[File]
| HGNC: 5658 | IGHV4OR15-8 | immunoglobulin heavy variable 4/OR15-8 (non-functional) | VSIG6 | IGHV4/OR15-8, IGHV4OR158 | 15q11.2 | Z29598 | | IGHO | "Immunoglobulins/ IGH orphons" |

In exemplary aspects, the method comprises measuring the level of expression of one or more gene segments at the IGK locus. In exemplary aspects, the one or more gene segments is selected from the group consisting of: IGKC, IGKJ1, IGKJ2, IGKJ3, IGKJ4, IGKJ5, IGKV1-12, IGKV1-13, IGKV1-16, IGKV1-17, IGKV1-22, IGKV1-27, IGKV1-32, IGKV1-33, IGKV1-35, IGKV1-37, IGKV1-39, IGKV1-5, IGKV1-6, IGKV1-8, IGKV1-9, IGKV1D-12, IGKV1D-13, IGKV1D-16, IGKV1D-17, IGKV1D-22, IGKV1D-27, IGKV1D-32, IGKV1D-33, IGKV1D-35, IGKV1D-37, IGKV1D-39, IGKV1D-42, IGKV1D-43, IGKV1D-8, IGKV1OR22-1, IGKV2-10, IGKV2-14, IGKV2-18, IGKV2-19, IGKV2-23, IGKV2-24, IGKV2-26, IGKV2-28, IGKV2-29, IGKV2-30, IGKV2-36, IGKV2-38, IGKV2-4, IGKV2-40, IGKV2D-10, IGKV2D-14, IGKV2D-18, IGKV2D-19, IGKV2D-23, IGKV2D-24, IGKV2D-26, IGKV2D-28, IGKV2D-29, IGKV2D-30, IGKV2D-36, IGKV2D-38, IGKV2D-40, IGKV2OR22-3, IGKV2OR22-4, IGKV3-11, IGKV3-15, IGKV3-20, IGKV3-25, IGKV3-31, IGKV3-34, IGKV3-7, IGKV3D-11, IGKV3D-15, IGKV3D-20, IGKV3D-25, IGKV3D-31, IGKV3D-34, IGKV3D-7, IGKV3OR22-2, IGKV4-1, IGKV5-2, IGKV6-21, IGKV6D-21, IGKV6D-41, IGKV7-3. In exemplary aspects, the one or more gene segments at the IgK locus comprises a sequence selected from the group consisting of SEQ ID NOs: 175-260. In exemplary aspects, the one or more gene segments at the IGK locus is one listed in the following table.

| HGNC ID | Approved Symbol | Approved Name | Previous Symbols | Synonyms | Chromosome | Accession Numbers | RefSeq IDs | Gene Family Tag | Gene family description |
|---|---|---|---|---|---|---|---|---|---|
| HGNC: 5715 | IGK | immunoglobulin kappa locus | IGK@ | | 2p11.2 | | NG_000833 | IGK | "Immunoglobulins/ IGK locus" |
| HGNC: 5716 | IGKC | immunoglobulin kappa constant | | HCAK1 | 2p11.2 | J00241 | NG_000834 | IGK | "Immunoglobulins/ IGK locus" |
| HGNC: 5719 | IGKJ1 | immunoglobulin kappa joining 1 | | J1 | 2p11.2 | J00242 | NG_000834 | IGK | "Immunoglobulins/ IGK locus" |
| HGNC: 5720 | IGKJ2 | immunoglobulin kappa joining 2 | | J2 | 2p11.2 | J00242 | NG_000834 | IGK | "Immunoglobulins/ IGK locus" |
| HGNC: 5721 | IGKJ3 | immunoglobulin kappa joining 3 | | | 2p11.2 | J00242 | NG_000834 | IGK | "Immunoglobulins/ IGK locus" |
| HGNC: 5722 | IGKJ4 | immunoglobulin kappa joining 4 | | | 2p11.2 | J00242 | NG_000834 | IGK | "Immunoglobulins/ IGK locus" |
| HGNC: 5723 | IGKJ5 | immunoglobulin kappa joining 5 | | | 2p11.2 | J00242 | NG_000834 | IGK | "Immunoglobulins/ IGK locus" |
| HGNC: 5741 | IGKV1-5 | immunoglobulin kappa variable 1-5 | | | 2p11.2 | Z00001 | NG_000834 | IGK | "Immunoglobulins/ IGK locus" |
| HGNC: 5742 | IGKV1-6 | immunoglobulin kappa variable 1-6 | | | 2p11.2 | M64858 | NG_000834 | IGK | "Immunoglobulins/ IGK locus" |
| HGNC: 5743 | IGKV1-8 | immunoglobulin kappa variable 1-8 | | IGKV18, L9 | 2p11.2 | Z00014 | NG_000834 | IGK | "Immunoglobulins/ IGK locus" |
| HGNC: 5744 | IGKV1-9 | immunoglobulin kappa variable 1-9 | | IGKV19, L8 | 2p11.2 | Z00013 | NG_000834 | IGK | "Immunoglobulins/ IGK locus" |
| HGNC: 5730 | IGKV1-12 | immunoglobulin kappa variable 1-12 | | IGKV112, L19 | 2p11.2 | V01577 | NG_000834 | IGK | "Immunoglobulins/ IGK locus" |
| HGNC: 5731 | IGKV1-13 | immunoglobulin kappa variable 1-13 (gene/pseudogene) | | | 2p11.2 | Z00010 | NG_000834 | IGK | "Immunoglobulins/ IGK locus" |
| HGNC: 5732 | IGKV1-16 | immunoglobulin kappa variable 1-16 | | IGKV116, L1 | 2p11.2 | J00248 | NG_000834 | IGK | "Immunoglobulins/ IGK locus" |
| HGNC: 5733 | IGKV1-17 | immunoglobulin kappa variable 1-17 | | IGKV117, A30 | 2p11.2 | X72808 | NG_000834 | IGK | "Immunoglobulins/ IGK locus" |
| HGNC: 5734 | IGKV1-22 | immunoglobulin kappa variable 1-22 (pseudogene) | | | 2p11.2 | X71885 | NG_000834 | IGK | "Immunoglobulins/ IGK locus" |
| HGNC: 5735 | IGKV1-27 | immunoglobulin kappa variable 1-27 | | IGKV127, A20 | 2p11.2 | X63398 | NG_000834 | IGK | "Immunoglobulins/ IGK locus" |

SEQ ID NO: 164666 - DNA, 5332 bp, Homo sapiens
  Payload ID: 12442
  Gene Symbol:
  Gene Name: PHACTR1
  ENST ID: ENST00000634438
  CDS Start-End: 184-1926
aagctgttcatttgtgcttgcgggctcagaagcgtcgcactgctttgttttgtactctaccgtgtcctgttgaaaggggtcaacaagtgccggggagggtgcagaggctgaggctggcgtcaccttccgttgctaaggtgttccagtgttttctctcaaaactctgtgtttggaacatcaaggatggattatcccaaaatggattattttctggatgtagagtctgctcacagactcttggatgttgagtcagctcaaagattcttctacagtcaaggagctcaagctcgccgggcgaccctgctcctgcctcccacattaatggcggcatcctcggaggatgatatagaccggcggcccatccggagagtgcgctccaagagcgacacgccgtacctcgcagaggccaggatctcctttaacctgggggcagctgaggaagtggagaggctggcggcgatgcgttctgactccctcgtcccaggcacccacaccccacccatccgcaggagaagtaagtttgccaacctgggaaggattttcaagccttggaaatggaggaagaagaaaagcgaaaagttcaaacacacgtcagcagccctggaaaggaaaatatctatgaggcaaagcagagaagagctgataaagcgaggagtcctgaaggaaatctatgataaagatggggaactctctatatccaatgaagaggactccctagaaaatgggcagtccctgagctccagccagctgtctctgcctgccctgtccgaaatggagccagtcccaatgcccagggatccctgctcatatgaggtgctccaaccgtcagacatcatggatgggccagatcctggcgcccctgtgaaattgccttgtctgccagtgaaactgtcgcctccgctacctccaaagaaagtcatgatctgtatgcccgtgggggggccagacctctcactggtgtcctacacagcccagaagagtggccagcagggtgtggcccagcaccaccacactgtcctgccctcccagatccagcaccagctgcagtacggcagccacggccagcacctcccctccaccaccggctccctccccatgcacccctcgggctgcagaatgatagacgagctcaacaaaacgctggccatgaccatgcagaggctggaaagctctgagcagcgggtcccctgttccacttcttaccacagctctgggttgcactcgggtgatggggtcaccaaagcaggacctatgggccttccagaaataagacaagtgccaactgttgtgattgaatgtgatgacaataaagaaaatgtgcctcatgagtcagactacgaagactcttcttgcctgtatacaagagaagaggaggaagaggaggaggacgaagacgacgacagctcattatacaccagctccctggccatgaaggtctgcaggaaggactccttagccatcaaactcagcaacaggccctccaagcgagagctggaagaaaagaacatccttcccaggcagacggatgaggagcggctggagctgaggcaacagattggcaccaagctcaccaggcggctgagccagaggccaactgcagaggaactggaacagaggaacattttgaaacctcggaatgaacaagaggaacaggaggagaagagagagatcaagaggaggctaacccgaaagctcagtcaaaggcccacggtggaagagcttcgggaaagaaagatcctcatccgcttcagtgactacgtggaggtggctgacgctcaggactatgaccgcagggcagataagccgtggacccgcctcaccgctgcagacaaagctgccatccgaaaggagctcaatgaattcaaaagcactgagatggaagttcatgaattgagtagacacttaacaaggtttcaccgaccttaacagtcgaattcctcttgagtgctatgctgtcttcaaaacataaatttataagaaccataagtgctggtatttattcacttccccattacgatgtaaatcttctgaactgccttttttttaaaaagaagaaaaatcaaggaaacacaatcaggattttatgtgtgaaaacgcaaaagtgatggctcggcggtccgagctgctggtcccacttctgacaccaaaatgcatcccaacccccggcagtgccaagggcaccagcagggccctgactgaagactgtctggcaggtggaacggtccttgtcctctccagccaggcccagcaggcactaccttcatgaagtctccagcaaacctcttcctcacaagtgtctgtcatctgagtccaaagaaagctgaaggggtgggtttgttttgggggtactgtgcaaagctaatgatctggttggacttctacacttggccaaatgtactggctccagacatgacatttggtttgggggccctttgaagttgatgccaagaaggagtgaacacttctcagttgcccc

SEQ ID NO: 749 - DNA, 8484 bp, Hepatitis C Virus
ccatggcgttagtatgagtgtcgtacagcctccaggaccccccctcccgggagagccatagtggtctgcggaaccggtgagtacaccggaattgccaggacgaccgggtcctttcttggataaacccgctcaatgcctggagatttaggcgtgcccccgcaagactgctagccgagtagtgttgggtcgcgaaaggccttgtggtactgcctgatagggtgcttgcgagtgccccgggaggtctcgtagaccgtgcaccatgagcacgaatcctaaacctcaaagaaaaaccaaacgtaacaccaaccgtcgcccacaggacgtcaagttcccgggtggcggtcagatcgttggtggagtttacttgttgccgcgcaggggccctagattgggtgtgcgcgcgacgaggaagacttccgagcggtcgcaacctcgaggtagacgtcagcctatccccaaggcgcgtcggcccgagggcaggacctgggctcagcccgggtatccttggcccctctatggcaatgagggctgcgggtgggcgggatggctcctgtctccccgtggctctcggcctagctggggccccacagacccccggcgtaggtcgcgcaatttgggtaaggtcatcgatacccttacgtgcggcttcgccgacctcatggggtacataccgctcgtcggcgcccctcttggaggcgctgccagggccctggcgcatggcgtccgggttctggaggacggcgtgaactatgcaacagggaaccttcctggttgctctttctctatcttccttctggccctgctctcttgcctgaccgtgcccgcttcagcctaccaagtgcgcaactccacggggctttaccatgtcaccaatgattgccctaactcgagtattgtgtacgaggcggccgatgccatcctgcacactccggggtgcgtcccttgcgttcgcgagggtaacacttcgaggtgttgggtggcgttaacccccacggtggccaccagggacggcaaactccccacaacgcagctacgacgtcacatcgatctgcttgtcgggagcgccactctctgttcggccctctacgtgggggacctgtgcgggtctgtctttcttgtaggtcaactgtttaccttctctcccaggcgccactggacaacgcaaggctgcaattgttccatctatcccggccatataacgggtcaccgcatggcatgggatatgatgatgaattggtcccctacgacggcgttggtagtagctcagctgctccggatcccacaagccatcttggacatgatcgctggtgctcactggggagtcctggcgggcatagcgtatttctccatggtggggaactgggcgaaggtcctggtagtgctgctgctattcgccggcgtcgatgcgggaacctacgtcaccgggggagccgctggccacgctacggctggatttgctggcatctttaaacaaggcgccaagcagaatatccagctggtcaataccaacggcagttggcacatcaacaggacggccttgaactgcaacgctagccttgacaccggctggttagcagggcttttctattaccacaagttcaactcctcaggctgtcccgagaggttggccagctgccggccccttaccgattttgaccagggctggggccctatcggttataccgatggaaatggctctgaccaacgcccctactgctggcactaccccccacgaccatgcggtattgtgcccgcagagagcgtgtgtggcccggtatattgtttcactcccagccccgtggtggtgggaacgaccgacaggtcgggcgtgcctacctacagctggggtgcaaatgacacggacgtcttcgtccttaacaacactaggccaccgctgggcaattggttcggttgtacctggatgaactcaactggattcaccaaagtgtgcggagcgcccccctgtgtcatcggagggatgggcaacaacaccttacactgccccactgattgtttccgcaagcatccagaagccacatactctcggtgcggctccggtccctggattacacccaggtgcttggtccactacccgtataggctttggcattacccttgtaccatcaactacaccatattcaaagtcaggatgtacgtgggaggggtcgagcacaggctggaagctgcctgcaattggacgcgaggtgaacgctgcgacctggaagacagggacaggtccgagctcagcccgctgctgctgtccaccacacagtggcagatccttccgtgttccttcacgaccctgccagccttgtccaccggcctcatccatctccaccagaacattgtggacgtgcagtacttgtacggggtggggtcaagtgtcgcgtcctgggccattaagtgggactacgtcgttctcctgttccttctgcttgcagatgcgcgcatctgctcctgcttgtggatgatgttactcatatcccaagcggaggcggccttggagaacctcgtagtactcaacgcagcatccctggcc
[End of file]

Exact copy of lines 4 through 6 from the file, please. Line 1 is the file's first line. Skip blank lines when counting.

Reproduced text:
|---|---|---|---|---|---|---|---|---|---|
| HGNC: 5715 | IGK | immunoglobulin kappa locus | IGK@ | | 2p11.2 | | NG_000833 | IGK | "Immunoglobulins/ IGK locus" |
| HGNC: 5716 | IGKC | immunoglobulin kappa constant | | HCAK1 | 2p11.2 | J00241 | NG_000834 | IGK | "Immunoglobulins/ IGK locus" |